In 1896, local collieries were the largest coal producers in the Northwest Territories, with production peaking during World War I. An internment camp was set up at the Exhibition Building in Lethbridge from September 1914 to November 1916. After the war, increasing oil and natural gas production replaced coal production, the last mine in Lethbridge closed in 1957; the first rail line in Lethbridge was opened on August 28, 1885 by the Alberta Railway and Coal Company, which bought the North Western Coal and Navigation Company five years later. The rail industry's dependence on coal and the Canadian Pacific Railway's efforts to settle southern Alberta with immigrants boosted Lethbridge's economy. After the Canadian Pacific Railway moved the divisional point of its Crowsnest Line from Fort Macleod to Lethbridge in 1905, the city became the regional centre for Southern Alberta. In the mid-1980s, the CPR moved its rail yards in downtown Lethbridge to nearby Kipp, Lethbridge ceased being a rail hub.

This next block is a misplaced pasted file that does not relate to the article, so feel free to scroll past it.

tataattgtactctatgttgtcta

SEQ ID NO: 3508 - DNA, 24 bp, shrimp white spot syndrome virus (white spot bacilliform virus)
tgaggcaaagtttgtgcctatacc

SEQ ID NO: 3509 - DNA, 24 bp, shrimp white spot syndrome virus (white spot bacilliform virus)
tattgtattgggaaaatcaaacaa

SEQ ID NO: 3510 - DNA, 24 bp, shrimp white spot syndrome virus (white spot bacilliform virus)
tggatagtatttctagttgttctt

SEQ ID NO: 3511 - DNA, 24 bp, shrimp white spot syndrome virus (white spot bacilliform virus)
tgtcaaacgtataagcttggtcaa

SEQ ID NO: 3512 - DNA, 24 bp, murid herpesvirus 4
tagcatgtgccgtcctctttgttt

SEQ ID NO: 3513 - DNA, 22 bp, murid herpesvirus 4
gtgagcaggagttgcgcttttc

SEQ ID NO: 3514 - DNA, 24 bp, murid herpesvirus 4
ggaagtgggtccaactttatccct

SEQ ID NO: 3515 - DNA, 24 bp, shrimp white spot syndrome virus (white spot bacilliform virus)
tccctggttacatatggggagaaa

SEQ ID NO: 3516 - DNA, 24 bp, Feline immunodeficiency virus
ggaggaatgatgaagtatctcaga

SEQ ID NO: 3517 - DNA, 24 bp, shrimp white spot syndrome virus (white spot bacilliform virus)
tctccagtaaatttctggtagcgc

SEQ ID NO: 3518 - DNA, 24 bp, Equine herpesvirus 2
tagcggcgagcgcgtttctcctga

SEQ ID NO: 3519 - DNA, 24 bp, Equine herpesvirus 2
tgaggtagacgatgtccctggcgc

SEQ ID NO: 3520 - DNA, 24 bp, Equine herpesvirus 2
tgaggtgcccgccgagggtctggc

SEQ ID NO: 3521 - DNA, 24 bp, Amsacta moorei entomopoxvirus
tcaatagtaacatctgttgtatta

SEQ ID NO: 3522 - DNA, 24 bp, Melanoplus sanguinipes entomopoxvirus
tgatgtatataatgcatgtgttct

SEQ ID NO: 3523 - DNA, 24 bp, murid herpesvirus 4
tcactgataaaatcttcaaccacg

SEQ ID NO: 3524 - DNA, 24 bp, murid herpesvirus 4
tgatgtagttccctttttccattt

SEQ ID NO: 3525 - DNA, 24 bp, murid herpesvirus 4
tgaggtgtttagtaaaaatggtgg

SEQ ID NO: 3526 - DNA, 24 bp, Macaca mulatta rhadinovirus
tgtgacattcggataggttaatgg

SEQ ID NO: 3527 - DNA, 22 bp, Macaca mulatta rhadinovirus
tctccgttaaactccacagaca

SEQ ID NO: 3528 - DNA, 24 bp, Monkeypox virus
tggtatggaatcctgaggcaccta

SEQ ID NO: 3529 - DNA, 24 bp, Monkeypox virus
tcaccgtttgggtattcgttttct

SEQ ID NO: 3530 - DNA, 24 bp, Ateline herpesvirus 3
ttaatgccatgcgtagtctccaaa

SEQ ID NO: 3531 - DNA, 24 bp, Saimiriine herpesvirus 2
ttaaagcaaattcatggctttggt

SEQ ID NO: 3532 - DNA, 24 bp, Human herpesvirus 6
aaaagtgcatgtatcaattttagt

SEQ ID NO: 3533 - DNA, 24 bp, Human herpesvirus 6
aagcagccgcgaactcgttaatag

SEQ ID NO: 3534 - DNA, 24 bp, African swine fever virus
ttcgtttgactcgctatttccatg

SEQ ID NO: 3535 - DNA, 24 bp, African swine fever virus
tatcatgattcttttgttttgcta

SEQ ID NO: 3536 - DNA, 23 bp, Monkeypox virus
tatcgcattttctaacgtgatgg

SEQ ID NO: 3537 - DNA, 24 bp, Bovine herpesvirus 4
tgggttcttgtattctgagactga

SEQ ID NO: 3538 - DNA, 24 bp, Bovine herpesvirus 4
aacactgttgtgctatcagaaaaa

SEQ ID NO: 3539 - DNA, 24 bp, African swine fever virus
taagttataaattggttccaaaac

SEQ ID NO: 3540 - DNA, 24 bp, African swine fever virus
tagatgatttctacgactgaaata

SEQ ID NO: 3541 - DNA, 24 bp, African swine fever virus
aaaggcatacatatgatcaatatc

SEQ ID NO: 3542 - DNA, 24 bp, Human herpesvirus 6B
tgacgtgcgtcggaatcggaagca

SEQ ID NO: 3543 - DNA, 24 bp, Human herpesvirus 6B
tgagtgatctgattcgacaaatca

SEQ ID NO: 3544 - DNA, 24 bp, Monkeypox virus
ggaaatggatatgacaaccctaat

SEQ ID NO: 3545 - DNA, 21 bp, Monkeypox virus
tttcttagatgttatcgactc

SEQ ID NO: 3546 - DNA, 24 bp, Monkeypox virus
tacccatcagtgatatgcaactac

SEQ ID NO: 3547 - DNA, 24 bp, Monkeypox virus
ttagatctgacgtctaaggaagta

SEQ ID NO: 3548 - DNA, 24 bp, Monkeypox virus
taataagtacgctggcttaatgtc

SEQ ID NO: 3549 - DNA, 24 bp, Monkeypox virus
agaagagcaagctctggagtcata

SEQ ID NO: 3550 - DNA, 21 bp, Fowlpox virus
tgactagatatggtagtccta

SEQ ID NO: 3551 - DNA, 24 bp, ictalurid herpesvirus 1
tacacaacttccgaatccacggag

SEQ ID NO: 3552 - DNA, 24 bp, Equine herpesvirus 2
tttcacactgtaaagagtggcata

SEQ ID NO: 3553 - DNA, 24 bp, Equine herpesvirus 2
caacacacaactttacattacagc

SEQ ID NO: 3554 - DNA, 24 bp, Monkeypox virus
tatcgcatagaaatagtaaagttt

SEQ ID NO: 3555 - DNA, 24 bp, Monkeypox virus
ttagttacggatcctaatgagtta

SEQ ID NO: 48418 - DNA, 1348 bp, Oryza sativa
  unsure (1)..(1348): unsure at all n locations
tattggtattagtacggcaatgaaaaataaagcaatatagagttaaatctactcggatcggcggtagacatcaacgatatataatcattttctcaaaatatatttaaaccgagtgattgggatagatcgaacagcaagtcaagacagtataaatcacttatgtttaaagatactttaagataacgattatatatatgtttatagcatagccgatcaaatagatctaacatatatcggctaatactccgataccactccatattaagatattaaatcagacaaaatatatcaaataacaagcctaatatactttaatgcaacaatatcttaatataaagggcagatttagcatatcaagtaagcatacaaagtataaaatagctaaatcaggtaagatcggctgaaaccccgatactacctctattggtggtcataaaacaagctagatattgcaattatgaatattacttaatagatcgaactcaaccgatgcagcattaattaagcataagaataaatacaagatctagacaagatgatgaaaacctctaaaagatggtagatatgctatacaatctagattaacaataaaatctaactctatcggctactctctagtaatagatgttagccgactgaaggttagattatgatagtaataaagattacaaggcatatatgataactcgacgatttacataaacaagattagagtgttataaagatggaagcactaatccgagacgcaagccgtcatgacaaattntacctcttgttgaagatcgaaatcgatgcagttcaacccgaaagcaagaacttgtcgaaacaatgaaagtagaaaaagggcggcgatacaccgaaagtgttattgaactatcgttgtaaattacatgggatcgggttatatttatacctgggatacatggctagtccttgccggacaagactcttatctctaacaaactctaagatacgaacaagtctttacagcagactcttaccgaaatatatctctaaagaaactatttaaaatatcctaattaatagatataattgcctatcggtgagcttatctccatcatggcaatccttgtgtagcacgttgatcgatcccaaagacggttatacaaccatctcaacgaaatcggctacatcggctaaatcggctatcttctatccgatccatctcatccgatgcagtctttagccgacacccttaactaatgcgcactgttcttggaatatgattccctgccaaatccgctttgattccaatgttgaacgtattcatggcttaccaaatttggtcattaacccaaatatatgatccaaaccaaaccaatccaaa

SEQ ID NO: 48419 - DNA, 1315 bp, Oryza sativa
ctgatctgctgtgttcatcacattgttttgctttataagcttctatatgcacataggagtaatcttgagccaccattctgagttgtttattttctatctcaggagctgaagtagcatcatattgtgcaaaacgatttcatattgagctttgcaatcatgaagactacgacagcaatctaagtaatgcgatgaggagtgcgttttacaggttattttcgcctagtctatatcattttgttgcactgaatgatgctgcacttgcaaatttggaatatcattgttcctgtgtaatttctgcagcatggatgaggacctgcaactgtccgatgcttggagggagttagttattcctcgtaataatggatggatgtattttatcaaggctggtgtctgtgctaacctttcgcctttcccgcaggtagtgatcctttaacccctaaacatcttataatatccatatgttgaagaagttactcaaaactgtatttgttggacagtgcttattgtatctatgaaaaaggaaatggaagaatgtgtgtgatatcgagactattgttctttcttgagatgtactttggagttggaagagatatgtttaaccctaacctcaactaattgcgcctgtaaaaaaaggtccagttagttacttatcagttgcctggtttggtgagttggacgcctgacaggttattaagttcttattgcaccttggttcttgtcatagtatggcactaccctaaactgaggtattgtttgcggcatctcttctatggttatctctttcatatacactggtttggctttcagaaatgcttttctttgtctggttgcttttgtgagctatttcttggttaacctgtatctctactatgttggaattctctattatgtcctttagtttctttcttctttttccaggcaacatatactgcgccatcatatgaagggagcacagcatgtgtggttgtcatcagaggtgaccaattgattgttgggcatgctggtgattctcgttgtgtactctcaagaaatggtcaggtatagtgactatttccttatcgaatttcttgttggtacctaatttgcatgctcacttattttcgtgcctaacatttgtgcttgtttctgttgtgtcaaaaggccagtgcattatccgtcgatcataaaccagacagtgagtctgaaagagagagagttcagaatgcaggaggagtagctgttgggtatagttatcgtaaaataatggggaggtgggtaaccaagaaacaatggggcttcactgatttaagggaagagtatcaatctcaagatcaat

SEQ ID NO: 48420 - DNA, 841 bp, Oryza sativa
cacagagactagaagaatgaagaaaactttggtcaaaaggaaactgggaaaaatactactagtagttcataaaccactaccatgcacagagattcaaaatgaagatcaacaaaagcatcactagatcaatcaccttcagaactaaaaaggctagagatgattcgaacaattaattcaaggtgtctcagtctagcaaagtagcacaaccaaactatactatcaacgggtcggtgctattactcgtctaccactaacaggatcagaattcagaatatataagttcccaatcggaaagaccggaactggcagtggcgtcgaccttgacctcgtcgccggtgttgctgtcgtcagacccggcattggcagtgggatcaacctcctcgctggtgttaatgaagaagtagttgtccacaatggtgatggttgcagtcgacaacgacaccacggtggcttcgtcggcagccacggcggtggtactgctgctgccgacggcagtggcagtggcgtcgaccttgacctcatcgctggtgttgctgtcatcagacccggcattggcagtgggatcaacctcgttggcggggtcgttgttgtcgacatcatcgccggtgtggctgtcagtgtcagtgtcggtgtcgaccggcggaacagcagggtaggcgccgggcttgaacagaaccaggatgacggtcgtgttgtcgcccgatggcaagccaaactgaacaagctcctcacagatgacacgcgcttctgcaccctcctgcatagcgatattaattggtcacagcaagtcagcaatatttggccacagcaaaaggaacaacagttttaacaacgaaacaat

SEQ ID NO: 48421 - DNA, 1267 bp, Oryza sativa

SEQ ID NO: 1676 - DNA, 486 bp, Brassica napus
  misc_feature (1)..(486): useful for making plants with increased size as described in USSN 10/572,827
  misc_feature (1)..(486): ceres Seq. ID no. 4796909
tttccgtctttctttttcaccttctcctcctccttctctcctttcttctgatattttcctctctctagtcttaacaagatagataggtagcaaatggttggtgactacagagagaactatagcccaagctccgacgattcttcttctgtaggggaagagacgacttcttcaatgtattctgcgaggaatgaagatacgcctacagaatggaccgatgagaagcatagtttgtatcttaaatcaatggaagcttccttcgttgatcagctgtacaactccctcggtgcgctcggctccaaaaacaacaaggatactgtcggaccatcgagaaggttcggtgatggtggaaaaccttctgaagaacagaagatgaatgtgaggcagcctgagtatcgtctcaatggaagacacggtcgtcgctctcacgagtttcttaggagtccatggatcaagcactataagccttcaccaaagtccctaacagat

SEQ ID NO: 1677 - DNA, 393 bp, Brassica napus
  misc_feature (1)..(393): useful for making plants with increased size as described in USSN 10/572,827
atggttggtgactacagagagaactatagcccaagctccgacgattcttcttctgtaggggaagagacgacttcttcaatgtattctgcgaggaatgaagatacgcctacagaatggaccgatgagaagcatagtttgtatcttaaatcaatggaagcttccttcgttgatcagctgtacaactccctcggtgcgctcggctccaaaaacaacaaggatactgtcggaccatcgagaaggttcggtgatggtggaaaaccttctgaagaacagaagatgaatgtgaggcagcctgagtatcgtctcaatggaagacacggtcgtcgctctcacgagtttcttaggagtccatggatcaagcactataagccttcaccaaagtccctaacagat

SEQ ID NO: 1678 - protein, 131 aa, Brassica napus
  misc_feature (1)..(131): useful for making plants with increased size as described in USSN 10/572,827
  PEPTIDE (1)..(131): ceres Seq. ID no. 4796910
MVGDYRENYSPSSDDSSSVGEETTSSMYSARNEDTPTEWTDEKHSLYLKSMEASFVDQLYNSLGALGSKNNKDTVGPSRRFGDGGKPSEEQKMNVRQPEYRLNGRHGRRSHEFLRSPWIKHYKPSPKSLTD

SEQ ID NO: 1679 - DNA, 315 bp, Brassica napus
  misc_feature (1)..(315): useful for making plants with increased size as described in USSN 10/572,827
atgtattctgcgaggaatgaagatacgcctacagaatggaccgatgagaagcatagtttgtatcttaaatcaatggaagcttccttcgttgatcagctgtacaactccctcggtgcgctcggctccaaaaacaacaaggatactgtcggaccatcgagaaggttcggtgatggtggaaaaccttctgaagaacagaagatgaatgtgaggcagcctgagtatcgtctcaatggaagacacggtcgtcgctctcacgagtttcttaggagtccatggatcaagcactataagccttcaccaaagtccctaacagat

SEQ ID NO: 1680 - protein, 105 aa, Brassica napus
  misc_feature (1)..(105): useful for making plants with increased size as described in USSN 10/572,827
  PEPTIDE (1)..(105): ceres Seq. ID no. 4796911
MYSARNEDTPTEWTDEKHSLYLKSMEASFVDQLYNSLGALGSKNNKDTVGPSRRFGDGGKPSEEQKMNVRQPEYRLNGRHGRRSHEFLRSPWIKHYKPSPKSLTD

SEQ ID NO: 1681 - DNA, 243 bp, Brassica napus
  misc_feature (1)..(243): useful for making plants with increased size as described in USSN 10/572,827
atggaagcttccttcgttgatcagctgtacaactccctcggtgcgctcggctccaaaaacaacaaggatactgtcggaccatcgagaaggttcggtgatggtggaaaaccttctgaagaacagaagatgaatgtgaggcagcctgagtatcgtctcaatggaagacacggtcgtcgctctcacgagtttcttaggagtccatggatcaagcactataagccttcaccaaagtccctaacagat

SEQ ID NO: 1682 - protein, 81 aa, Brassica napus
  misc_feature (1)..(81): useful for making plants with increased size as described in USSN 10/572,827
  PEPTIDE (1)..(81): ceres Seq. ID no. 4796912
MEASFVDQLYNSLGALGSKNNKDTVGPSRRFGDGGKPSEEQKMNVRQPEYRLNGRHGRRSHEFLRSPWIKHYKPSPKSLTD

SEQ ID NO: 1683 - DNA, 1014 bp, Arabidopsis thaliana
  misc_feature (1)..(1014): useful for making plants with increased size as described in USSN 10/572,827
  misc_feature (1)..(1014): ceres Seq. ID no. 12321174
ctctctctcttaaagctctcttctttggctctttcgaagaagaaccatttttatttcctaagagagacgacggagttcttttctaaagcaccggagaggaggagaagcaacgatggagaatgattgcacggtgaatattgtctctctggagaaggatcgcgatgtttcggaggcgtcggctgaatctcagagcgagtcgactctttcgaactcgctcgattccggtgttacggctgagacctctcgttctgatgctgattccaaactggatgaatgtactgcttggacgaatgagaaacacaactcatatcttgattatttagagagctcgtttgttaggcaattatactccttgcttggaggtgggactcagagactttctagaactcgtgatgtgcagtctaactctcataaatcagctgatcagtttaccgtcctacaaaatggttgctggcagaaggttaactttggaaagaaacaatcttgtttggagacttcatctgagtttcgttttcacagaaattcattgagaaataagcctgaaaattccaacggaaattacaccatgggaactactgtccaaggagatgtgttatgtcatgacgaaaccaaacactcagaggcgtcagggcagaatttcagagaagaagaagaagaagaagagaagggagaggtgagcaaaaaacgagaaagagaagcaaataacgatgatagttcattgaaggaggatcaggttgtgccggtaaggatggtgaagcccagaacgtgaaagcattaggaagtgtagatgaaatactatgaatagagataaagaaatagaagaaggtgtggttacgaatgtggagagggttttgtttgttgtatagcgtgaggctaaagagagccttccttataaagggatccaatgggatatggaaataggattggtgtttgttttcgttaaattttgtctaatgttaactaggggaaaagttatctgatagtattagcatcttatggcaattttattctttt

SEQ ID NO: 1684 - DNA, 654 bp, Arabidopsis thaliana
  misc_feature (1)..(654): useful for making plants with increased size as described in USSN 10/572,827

Between 1907 and 1913, a development boom occurred in Lethbridge, making it the main marketing and service centre in southern Alberta. Such municipal projects as a water treatment plant, a power plant, a streetcar system, exhibition buildings—as well as a construction boom and rising real estate prices—transformed the mining town into a significant city. Between World War I and World War II, the city experienced an economic slump. Development slowed, drought drove farmers from their farms, coal mining declined from its peak. After World War II, irrigation of farmland near Lethbridge led to growth in the city's population and economy. Lethbridge College opened in April 1957 and the University of Lethbridge in 1967; the city of Lethbridge is located at 49.7° north latitude and 112.833° west longitude and covers an area of 127.19 square kilometres. The city is divided by the Oldman River; the city is Alberta's fourth largest by population after Calgary and Red Deer. It is the third largest in area after Calgary and Edmonton and is near the Canadian Rockies, 210 kilometres southeast of Calgary.